Sir: The leak you have received of the Scott inquiry draft report (front page, 7 June ) points to apparent inconsistencies in statements by Baroness Thatcher in 1989 about Government policy towards the proposed sale of Hawk trainer aircraft to Iraq.
An interesting footnote is that the sale was eventually blocked in cabinet, despite being supported by the Ministry of Defence and DTI. The Foreign Office, where Mr Waldegrave served at the time as a junior minister, opposed the deal.
The leader of the Kurdish Democratic Party, Massoud Barzani, visited London during 1989 to lobby against the sale, on the grounds that the trainers could be converted for use as warplanes against the Iraqi Kurds. His arguments were supported by a press campaign, principally in the Independent and the Financial Times. Even Defence Ministry officials conceded privately at the time that it was difficult to regard the Hawk trainers as non-lethal equipment, since any aircraft can theoretically be converted to military use.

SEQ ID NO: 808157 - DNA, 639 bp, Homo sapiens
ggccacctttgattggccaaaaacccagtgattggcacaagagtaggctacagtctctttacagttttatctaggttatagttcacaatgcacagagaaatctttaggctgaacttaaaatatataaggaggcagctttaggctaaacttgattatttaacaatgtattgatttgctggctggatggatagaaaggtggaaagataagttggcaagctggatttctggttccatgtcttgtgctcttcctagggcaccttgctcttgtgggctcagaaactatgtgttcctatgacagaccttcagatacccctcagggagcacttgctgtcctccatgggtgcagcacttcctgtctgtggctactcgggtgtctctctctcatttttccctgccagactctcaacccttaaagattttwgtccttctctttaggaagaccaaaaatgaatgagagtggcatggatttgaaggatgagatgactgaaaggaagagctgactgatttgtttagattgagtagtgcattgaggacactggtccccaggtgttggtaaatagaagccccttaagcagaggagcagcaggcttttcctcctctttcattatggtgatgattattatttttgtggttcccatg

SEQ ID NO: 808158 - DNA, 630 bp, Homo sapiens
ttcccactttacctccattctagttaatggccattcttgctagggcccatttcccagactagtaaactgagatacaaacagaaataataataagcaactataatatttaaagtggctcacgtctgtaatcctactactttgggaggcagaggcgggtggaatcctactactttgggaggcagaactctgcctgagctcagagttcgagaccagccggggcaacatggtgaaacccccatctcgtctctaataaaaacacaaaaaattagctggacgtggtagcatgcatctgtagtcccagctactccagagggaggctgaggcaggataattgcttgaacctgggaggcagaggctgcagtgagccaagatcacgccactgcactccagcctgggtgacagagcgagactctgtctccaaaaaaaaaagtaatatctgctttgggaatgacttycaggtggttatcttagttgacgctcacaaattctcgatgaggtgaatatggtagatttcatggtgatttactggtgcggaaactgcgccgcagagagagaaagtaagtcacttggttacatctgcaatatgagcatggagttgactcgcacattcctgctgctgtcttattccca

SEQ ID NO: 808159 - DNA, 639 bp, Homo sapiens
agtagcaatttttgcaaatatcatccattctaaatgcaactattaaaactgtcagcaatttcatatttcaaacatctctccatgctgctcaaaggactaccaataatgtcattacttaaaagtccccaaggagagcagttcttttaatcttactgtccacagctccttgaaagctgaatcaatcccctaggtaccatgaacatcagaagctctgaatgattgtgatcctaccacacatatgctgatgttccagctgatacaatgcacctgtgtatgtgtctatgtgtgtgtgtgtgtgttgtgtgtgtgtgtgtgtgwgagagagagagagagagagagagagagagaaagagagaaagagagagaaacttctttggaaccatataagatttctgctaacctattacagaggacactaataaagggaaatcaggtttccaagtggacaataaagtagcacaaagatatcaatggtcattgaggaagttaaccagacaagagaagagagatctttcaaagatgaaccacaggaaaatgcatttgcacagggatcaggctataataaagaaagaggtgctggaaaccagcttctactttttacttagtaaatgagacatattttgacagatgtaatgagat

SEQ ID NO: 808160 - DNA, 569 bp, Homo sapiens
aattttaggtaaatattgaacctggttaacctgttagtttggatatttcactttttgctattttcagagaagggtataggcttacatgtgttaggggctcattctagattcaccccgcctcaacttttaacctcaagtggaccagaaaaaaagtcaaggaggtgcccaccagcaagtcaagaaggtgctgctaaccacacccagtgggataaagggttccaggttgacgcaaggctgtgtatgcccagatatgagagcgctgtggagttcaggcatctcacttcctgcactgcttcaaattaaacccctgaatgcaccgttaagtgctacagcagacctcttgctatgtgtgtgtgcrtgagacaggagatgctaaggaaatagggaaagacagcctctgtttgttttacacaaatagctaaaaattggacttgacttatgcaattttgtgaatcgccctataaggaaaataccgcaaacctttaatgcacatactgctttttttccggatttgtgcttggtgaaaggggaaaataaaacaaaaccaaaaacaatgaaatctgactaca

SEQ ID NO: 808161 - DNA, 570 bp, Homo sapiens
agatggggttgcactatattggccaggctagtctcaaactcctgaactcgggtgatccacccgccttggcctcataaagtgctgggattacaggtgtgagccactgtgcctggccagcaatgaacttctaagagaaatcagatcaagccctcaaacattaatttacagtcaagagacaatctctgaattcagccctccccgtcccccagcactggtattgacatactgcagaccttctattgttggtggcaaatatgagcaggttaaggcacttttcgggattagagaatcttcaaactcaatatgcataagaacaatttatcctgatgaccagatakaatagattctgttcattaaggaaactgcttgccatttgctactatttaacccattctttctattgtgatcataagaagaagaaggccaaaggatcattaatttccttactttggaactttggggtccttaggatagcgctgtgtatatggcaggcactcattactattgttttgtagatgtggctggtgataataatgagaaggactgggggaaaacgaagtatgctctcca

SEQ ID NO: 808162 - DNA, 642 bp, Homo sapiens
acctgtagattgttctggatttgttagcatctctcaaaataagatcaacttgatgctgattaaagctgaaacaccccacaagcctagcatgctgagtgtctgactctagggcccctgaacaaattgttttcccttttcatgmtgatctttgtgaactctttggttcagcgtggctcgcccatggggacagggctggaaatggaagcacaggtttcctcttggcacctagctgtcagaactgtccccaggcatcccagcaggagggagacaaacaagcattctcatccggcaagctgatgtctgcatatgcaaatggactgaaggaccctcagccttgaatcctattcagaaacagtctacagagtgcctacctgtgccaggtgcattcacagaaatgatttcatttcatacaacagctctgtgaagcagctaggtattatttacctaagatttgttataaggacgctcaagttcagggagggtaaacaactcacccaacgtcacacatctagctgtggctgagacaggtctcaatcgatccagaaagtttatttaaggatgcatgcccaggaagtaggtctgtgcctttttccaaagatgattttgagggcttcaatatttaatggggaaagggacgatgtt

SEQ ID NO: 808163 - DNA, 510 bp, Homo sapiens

However, by the time the issue of granting an export licence went to cabinet, the key ministries were still lined up two-to-one in favour of the deal. One reason why the Foreign Office won the day was that the Prime Minister was not prepared to see her new appointee as Foreign Secretary lose a key argument at his first cabinet meeting in that post. The new Foreign Secretary was, of course, John Major.
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